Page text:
Go back and read the content marketing definition one more time, but this time remove the relevant and valuable. That’s the difference between content marketing and the other informational garbage you get from companies trying to sell you “stuff.” Companies send us information all the time – it’s just that most of the time it’s not very relevant or valuable (can you say spam?). That’s what makes content marketing so intriguing in today’s environment of thousands of marketing messages per person per day.
There are a host of metrics to look at when you have a robust analytics solution, but having too many goals to live up to tends to result in prioritization difficulties. I recommend content marketing teams have 2-3 metrics they measure, and perhaps some secondary metrics each sub-team can measure to help understand when there are different levers to pull. Here are my recommendations:
I am a little biased here because I have worked with them in the past, but The Hustle does a lot of things from a copy standpoint really well. My personal favorite is their email opt-in page –– "Your smart, good looking friend that sends you an email each morning with all the tech and business new you need to know for the day." They have expertly created a trusted and personable brand through conversational copy. 

Whether you're a seasoned writer or a novice, it's always important to strengthen your editorial skills and make sure your e-mail marketing communications contain valuable information. Good copy helps your readers understand your offer--and how to respond. The following copywriting tips are ones that pros know well. Keeping these "commandments" in front of you when you write will help you create compelling copy that engages your readers, conveys your business message and creates effective calls for action.
To "burnish" means to rub something to a shine or gloss.  It's not enough to slap some words down and hit the Send button!  Take to heart the famous writing adage: "There is no great writing, there is only great re-writing."  By the time you read these words, I will have tweaked them at least four times, checking for better and stronger ways to convey my message to you. I will double-triple checking for poor grammar or typos.  After that, the editors at Entrepreneur.com will do it again - twice!  Especially if English isn't your strong suit, write the first draft and then have it checked out by someone else.  There's no shame in using an editor or editing yourself. Ideally, set your words aside for 24 hours and read them again before you send them off into the world.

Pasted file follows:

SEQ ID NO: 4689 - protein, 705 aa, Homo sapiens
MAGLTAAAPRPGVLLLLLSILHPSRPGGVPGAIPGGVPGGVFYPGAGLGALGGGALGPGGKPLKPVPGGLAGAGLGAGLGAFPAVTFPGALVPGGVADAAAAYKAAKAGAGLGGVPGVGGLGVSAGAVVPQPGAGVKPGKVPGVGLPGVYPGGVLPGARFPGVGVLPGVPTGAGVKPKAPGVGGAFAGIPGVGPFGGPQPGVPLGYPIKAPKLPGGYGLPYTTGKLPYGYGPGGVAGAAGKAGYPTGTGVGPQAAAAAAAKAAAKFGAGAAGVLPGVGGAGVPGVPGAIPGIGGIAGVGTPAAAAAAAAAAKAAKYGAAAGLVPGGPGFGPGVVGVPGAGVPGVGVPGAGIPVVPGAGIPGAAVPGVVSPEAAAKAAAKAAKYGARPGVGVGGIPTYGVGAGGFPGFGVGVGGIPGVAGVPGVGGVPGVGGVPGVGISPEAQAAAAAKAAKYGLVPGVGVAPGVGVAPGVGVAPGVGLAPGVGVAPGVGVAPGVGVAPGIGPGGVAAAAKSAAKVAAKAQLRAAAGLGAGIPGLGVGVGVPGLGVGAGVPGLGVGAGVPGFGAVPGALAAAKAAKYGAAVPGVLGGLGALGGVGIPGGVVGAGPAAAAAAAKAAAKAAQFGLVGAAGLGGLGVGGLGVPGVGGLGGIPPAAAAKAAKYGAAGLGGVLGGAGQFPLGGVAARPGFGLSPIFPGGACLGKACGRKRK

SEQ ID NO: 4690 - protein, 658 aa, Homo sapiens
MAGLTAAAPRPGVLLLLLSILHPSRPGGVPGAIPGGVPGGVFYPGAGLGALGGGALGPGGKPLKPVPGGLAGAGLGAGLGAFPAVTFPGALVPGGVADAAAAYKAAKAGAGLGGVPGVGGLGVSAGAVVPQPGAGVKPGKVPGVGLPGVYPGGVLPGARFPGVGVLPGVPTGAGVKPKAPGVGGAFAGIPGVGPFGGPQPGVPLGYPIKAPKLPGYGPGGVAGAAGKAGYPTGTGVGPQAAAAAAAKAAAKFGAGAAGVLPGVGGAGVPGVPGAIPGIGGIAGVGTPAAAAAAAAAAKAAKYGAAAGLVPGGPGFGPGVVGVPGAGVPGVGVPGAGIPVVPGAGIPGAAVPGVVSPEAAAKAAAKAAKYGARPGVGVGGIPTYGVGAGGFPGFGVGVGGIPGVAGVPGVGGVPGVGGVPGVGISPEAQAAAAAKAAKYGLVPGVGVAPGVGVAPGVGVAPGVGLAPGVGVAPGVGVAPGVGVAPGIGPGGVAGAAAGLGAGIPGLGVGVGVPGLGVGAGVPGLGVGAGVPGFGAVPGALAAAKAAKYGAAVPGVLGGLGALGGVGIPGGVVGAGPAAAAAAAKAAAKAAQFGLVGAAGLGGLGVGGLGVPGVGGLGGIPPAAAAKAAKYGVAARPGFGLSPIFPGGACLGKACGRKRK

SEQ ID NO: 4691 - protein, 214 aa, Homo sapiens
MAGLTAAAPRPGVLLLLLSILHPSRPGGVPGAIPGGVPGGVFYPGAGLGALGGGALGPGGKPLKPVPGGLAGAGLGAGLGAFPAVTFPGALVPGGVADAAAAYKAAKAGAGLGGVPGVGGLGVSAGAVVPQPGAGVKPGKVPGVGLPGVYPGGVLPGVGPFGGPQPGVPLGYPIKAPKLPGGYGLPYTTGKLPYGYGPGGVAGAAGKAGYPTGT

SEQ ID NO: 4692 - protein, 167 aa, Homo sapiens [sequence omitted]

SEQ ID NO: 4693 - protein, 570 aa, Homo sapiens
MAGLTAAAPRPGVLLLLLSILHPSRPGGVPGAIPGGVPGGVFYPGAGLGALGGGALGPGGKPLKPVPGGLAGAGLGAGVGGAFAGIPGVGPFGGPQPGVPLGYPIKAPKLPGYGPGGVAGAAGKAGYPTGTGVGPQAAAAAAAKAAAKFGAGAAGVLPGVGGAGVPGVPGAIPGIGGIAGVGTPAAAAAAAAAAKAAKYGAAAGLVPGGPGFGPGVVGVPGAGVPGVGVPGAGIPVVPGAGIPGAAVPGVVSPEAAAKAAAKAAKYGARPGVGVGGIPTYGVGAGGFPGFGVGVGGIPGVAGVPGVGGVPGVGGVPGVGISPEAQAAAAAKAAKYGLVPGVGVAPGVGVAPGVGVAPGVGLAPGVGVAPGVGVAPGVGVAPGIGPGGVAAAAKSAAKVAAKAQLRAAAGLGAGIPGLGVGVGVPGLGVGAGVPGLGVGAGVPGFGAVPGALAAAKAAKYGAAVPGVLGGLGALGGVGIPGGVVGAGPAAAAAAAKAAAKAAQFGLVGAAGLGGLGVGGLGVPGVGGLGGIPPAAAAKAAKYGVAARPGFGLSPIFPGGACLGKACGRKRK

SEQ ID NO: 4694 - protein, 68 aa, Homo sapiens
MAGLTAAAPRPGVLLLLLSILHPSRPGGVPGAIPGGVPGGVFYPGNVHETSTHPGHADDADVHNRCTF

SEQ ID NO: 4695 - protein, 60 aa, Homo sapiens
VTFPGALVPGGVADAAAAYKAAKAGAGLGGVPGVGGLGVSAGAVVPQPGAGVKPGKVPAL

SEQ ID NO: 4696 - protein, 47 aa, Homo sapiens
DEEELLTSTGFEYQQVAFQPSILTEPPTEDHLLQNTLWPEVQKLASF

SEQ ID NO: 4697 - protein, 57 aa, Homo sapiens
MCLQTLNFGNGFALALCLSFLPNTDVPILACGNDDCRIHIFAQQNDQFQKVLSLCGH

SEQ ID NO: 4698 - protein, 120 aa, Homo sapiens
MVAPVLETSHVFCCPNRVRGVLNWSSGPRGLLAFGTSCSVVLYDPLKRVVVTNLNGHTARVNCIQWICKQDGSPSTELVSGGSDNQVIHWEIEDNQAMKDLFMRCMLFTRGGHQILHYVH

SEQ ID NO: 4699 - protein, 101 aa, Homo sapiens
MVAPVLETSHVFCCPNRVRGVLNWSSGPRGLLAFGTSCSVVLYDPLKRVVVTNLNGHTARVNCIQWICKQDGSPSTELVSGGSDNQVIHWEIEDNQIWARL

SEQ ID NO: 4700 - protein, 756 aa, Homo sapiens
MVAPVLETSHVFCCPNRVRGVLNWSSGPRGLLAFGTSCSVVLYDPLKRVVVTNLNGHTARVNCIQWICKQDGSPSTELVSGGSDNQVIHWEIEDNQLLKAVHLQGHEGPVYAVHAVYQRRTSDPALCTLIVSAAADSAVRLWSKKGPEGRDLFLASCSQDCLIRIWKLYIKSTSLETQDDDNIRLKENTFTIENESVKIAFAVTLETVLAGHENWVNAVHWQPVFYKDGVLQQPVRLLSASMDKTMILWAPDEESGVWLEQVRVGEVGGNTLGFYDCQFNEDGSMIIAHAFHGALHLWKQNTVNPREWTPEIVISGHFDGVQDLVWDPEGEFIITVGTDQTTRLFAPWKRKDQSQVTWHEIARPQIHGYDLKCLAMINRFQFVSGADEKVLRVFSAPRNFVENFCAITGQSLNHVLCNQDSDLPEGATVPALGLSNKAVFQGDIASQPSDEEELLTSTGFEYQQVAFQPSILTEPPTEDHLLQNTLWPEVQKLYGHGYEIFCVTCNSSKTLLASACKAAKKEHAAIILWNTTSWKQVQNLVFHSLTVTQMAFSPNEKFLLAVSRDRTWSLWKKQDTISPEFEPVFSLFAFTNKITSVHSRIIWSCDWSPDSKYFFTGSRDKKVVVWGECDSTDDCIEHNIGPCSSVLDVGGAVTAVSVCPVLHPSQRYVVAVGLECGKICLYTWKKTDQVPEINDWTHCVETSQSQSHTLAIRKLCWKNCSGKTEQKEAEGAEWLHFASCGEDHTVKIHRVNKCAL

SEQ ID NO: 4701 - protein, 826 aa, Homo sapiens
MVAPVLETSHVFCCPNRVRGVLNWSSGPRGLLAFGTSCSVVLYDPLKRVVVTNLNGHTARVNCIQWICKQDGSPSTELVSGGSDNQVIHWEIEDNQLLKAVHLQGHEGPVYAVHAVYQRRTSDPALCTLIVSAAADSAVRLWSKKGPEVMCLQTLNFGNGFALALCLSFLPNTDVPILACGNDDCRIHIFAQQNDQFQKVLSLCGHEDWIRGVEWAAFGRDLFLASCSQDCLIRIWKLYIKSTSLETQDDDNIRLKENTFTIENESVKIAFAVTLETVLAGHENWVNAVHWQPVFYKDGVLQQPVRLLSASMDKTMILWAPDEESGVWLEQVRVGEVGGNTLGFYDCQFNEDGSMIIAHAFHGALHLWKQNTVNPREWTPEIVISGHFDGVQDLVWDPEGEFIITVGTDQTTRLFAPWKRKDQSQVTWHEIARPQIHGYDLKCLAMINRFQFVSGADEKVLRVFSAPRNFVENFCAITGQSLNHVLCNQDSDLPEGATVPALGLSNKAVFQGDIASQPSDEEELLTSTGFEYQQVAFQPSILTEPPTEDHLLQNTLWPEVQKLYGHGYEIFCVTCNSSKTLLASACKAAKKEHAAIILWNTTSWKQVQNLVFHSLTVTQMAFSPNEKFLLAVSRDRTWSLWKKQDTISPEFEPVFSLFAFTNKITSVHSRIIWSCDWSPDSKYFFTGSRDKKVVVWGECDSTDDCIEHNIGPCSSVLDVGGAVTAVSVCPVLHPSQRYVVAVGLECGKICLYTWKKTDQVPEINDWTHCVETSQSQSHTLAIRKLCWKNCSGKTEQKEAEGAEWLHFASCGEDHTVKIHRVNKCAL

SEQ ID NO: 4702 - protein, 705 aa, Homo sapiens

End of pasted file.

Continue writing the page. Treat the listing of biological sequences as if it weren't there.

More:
At my own company we’ve used content marketing to grow more than 1,000% over the past year. Potential clients find our content, find value in it, and by the time they contact us they’re already convinced they want to work with us. We don’t have to engage in any high pressure sales tactics, it’s merely a matter of working out details, signing an agreement, and getting started. The trust that usually needs to be built up during an extensive sales cycle has already been created before we know the potential client exists.
Some companies may have marketing teams of far more than 18. Here at HubSpot, for example, we have a team of nearly 100. Even so, we stick to a team structure quite similar to the structure an 18-person marketing team might use -- with one modification. Design is broken off of the Content Team, and relegated to a separate team. This might make sense for your organization, too, if you find that:
Exceptionally well researched and factual write up. This is true quality and value for all on the internet. Frankly, all of us need as much “back up” and study as possible to do our job – creating true value for our customers. Imagine the energy of writing truly original and compelling copy. I don’t intend to sell you anything. This process saves time in producing good copy the first time. It saves trouble in doing it right the first time. We all reach our objective of transferring true value to our clients. All for the very small price in time and effort to study and replicate these principles. Imagine doing it wrong – it really takes less time to just slap something down and move on doesn’t it? This is for you, it is free once you learn it, because you want to make the sale. This will capture the clients instantly with a new product or concept for their trouble. Imagine the excitement of finally becoming persuasive and capable of delivering on your promises. What do you think I will do next? Just like a professor in front of an adoring student, understanding the value of these principals will deliver time and again. Thanks for your grand post!
After you write your first round of copy, read it out loud. Also, have someone else read it to see if they understand the message and the call to action. As you edit, cut unnecessary words and consolidate ideas. See if you can get your text down to 30 to 50 percent of what you started with. Also, include bullet points and possibly subtitles to make it easy to read-and, more important, easy to scan--as most readers scan a page before deciding whether or not to read all the details.
Take it from someone who writes for a living: Just start writing. Your first idea is probably not going to be a winner, and that’s why you should get it out of the way as soon as possible. Write out all of the ideas you have for your copy, no matter how silly– you may be surprised at what gems come out of a brainstorming session where you don’t edit or criticize your creativity.
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